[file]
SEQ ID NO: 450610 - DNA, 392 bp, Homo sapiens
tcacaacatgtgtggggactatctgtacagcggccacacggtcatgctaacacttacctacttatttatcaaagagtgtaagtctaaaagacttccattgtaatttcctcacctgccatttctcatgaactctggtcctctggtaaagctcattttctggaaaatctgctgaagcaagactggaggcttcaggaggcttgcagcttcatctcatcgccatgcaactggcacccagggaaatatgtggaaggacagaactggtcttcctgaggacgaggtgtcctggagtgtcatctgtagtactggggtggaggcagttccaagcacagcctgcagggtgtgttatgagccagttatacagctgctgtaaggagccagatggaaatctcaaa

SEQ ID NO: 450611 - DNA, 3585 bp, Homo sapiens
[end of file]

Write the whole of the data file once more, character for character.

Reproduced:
SEQ ID NO: 450610 - DNA, 392 bp, Homo sapiens
tcacaacatgtgtggggactatctgtacagcggccacacggtcatgctaacacttacctacttatttatcaaagagtgtaagtctaaaagacttccattgtaatttcctcacctgccatttctcatgaactctggtcctctggtaaagctcattttctggaaaatctgctgaagcaagactggaggcttcaggaggcttgcagcttcatctcatcgccatgcaactggcacccagggaaatatgtggaaggacagaactggtcttcctgaggacgaggtgtcctggagtgtcatctgtagtactggggtggaggcagttccaagcacagcctgcagggtgtgttatgagccagttatacagctgctgtaaggagccagatggaaatctcaaa

SEQ ID NO: 450611 - DNA, 3585 bp, Homo sapiens